fb pixel

Log In


Reset Password

A new place to shine

From its polemic beginning and peripatetic odyssey from — venue to venue, Oregon Stage Works, under producing artistic director — Peter Alzado, has not only put together a smashing opening program but — will follow up with a strong subscription series.

The 2004 season opens Friday, with "Waiting for Godot" — by Samuel Beckett, directed by Janet Greek, alternating in repertory with — "Panama" by Mike Folie, directed by Caroline Shaffer, premiering Saturday. — A pre-opening dinner is scheduled for Friday at 6 p.m. and an after-opening — gala for Saturday evening.

The new theater is located in the "concert space" of the — "A" Street Marketplace, at the foot of First Street. The staging design — is flexible, with seating for between 110 and 122 people. Productions — can call upon full theater-in-the round or avenue staging. The former — open concert space has been further transformed with newly soundproofed — walls, a new floor, a heating/cooling system and bathrooms.

"The focus of Oregon Stage Works is to present classic — and new American work, concentrating on the actors and text," says Alzado. — "Obviously, as a small non-profit theater company and in this limited — space, we're not going to be able to have the production values of the — (Oregon Shakespeare) Festival. But our goal is to give the community affordable — professional theater with creative and challenging interpretations."

The first presentations, Samuel Beckett's classic absurdist — theater masterpiece, "Waiting for Godot" and the northwest premiere of — Mike Folie's road-trip comedy "Panama," do just that.

In this production of "Waiting for Godot," director Janet — Greek's says she wanted to take Beckett's deconstructionist work one step — further by casting Beckett's tramps as bag ladies (Shirley Patton and — Brandy Carson). But she hasn't adapted the play - the pronouns and imagery — remain masculine.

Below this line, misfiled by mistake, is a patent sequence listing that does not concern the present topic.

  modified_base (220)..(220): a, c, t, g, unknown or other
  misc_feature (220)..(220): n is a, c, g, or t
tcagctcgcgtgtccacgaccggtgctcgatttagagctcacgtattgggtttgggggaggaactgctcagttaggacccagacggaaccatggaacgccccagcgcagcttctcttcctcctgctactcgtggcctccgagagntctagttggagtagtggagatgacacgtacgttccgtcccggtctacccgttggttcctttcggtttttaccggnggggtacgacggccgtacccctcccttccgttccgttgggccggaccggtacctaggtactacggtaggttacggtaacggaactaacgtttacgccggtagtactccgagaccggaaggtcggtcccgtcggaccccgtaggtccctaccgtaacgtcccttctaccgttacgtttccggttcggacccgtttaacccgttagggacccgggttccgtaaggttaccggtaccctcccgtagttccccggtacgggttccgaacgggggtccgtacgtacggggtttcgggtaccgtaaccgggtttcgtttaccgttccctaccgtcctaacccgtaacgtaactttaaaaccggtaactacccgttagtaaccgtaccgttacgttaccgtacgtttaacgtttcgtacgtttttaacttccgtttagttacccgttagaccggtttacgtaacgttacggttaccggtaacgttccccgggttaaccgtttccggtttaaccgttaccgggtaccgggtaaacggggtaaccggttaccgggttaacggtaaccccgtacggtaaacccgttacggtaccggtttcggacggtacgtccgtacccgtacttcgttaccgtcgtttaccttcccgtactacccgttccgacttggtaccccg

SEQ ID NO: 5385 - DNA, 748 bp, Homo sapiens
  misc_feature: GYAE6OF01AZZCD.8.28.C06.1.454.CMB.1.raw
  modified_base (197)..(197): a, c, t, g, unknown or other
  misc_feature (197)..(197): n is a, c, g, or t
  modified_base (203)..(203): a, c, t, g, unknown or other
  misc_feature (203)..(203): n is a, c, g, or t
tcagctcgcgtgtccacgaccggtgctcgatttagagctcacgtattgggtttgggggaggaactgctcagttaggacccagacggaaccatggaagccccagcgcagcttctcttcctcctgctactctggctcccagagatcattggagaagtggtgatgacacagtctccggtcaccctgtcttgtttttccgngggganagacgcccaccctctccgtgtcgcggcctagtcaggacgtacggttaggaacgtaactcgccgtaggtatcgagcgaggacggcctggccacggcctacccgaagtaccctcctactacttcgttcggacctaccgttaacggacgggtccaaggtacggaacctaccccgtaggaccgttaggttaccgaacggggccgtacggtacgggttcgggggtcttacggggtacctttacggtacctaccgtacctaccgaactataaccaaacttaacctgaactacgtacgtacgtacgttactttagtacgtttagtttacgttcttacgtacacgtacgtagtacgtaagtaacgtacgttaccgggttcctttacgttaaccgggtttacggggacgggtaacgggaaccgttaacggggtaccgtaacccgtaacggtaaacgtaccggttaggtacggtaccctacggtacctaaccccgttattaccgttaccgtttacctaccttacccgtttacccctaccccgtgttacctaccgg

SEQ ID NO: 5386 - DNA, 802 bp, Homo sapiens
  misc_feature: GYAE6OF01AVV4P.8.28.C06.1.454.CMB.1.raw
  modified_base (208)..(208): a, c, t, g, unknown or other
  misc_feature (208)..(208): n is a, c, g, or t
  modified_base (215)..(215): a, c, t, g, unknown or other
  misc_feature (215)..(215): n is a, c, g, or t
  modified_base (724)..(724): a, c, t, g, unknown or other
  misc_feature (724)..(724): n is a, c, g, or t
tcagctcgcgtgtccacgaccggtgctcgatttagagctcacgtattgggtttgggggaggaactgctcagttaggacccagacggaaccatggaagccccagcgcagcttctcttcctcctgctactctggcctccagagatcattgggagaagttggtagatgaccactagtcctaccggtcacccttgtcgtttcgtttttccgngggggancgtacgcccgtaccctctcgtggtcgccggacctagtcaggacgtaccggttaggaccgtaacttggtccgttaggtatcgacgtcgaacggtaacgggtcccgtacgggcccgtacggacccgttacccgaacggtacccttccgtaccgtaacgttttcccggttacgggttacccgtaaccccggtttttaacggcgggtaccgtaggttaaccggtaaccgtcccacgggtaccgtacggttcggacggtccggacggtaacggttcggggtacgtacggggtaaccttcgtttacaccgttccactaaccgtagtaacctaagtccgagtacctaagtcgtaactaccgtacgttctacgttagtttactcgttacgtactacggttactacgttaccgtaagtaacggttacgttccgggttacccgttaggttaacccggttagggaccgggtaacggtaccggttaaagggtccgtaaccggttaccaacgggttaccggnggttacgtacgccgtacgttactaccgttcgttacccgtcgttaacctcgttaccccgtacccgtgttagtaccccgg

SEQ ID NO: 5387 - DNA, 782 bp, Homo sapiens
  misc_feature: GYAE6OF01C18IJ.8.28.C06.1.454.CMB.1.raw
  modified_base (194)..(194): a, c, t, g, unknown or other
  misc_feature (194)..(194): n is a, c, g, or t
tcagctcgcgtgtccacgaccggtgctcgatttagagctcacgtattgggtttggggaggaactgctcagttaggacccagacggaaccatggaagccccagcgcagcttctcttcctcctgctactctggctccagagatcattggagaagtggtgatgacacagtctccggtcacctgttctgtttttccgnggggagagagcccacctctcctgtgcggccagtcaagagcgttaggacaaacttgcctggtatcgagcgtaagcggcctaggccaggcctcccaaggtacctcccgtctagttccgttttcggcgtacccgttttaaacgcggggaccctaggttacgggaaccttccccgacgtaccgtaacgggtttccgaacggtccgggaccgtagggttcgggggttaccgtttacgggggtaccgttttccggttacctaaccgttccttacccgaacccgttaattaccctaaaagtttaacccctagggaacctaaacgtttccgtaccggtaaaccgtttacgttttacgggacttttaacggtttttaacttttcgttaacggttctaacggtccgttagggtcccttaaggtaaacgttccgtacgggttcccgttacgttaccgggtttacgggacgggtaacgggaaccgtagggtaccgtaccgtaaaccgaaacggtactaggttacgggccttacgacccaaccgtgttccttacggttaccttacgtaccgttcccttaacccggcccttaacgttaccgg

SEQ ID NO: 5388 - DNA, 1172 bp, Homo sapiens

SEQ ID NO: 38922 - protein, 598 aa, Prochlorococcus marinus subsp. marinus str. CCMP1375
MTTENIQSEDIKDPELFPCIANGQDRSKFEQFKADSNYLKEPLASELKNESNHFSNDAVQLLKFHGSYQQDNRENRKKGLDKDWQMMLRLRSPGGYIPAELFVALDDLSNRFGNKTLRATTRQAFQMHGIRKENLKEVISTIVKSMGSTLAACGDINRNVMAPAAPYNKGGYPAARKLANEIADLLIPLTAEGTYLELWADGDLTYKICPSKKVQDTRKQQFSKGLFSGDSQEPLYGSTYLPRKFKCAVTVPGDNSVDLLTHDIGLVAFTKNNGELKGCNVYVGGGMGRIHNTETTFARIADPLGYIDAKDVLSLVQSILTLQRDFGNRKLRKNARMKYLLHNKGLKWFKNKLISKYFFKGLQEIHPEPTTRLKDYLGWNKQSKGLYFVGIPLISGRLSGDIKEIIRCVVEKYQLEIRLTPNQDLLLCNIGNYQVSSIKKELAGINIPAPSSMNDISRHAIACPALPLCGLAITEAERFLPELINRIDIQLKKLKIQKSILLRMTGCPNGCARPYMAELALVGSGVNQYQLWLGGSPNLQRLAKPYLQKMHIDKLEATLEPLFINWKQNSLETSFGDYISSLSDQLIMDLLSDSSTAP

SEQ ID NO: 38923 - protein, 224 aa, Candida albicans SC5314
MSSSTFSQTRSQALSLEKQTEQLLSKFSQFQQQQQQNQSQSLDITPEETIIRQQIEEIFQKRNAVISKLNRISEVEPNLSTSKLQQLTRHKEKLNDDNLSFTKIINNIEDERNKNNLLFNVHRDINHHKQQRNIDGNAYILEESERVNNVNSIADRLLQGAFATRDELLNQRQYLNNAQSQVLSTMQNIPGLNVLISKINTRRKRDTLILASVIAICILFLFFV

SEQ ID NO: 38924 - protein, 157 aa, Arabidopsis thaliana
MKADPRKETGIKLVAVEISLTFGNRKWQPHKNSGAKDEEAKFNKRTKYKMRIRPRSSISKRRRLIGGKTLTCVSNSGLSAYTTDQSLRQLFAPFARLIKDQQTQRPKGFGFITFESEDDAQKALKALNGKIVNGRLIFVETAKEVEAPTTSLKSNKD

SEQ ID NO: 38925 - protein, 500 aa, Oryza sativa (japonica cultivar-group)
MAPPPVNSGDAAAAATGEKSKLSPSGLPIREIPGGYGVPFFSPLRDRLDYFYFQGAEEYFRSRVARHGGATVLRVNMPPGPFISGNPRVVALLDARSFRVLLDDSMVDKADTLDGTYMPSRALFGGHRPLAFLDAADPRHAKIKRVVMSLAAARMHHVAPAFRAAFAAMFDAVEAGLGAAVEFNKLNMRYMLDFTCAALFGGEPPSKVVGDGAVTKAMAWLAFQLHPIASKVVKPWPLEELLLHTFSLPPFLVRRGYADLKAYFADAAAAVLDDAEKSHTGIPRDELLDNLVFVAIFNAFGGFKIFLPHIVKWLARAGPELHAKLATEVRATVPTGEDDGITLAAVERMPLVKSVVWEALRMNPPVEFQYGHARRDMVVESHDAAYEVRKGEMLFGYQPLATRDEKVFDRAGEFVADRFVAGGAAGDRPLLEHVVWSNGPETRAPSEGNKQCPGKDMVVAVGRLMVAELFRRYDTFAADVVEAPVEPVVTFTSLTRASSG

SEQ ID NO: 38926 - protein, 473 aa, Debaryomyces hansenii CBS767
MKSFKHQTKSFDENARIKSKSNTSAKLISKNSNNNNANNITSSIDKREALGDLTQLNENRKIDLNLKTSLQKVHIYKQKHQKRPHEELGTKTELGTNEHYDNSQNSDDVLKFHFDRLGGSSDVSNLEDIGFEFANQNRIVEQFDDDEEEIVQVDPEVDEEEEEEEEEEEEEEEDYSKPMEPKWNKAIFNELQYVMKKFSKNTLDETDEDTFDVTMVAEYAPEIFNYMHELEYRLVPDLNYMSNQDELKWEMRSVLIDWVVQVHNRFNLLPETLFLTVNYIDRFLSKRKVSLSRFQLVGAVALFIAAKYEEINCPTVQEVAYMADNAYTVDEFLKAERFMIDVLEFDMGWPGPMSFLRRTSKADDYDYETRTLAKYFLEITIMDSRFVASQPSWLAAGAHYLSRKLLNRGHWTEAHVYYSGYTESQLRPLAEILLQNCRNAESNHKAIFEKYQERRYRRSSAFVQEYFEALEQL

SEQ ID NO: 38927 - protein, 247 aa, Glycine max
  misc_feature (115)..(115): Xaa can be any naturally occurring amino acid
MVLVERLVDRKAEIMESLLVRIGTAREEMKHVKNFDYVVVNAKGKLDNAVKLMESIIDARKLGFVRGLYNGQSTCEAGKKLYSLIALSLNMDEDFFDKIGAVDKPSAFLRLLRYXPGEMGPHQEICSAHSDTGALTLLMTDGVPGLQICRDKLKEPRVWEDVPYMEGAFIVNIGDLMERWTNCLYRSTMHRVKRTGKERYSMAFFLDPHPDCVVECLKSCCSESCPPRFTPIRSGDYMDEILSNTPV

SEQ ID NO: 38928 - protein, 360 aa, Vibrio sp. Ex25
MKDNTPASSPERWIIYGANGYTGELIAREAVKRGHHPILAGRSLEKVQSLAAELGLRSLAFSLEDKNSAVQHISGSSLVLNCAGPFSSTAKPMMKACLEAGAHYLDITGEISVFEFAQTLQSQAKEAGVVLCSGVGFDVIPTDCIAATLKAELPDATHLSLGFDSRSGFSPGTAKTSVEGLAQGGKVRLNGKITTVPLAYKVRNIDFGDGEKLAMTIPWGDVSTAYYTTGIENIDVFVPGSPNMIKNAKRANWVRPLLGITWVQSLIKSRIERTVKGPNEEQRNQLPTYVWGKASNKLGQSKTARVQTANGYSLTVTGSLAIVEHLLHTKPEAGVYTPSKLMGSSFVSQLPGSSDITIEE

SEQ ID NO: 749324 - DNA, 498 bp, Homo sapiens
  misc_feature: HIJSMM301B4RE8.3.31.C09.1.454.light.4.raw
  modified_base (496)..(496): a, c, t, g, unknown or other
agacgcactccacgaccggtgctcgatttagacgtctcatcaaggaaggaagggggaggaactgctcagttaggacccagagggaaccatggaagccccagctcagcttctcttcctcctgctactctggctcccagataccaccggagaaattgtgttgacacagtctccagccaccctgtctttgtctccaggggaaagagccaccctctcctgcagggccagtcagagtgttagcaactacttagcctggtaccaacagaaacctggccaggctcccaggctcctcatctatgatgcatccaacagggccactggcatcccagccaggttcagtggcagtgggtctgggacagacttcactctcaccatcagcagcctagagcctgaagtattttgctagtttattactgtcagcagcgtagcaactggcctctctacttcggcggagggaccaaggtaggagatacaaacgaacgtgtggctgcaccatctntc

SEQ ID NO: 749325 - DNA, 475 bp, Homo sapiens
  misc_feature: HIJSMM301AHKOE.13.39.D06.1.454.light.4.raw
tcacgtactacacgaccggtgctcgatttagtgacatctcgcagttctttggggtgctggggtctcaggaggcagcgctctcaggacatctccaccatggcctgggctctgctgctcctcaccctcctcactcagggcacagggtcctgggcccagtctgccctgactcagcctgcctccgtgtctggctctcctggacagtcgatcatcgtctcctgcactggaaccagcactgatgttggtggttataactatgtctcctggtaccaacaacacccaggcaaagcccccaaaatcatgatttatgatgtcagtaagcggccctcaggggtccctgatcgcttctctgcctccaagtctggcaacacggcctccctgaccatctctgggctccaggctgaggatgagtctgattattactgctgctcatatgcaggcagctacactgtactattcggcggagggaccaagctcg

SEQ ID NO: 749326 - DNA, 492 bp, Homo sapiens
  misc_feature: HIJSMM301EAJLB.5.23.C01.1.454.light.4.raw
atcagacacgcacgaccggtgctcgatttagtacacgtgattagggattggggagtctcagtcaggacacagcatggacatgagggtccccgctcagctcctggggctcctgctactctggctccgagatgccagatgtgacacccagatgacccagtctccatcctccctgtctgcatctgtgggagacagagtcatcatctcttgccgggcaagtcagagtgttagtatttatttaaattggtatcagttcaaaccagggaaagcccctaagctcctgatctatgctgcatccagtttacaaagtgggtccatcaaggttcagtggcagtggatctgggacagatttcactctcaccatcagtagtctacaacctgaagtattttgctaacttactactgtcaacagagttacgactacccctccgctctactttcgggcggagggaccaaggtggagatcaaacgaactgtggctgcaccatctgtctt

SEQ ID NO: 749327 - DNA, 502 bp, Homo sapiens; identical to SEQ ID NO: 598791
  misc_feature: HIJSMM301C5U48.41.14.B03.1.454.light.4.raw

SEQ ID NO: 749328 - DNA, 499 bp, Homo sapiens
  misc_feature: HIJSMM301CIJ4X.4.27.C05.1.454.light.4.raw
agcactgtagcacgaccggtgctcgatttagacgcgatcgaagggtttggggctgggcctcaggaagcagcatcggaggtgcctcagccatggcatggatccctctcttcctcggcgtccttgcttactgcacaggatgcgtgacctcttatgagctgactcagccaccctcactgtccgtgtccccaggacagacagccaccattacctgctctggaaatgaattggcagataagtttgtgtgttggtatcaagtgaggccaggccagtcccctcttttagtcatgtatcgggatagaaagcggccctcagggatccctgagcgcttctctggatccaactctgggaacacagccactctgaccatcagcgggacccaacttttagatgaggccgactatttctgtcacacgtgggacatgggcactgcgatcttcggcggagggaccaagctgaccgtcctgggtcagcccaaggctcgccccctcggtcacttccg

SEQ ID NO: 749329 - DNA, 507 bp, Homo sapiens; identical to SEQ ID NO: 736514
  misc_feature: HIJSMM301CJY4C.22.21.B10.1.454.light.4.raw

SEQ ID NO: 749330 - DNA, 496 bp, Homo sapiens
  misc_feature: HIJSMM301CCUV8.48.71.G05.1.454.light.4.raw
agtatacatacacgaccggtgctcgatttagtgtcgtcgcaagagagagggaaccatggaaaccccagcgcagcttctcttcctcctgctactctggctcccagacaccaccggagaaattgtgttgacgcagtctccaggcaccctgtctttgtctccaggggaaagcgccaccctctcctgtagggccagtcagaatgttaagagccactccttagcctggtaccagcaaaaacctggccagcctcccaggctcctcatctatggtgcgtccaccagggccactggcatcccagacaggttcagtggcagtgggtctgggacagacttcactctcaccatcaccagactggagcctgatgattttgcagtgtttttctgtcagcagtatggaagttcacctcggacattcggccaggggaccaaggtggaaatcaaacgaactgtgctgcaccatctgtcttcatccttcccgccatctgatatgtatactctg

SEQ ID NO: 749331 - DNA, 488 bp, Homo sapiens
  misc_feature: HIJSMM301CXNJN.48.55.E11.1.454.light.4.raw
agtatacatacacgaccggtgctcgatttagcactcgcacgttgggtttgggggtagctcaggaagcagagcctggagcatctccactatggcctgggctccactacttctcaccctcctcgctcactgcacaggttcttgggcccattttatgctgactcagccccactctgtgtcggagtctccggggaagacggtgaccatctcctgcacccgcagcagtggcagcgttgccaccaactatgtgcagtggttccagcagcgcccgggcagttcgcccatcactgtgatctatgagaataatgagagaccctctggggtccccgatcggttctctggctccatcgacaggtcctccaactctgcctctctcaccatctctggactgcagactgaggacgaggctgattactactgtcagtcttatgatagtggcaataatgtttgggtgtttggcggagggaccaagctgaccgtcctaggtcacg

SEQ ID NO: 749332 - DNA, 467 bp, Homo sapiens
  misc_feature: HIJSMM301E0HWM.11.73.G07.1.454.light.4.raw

" casting women but not changing gender," Greek said, — "we've emphasized that this is a play about humankind, not just mankind. — And, ultimately, all we have are relationships with each other."

Greek has directed "Waiting for Godot" twice before, including — in San Francisco in the mid-1970s as her masters thesis. Both of the previous — productions also had all-women casts.

On the other hand, Mike Folie's "Panama" is described — as a road trip to California, searching for fame, fortune and enough money — to live forever - a road trip that is fractured and hilarious, leaving — tread marks all across politically correct America.

Director Caroline Shaffer says that when OSW decided to — do another play in repertory with "Godot," they looked for a play that — would relate back to the Beckett but also contrast with it. "Panama is — about living life to the fullest. It youthful, exuberant, a romp.

"I want the audience to feel that they are riding a roller — coaster, throwing their hands in the air," Shaffer says.

The two directors agree that, ideally, you should see — both plays, "Godot" first and then "Panama."

OSW's other offerings in this season's subscriptions series — will include "Lobby Hero" by Kenneth Lonergan, directed by Peter Alzado, — "The Beauty Queen of Leenane" by Martin McDonagh, directed by Bruce Hostetler, — and the holiday show "Ebenezer Who?" written by Ashland resident Paddy — Schweitzer. Also planned are a production of Michael Frayn's "Copenhagen" — to be produced in partnership with ScienceWorks Hands-On Museum and a — staged reading of Joan Holden's "Nickel and Dimed."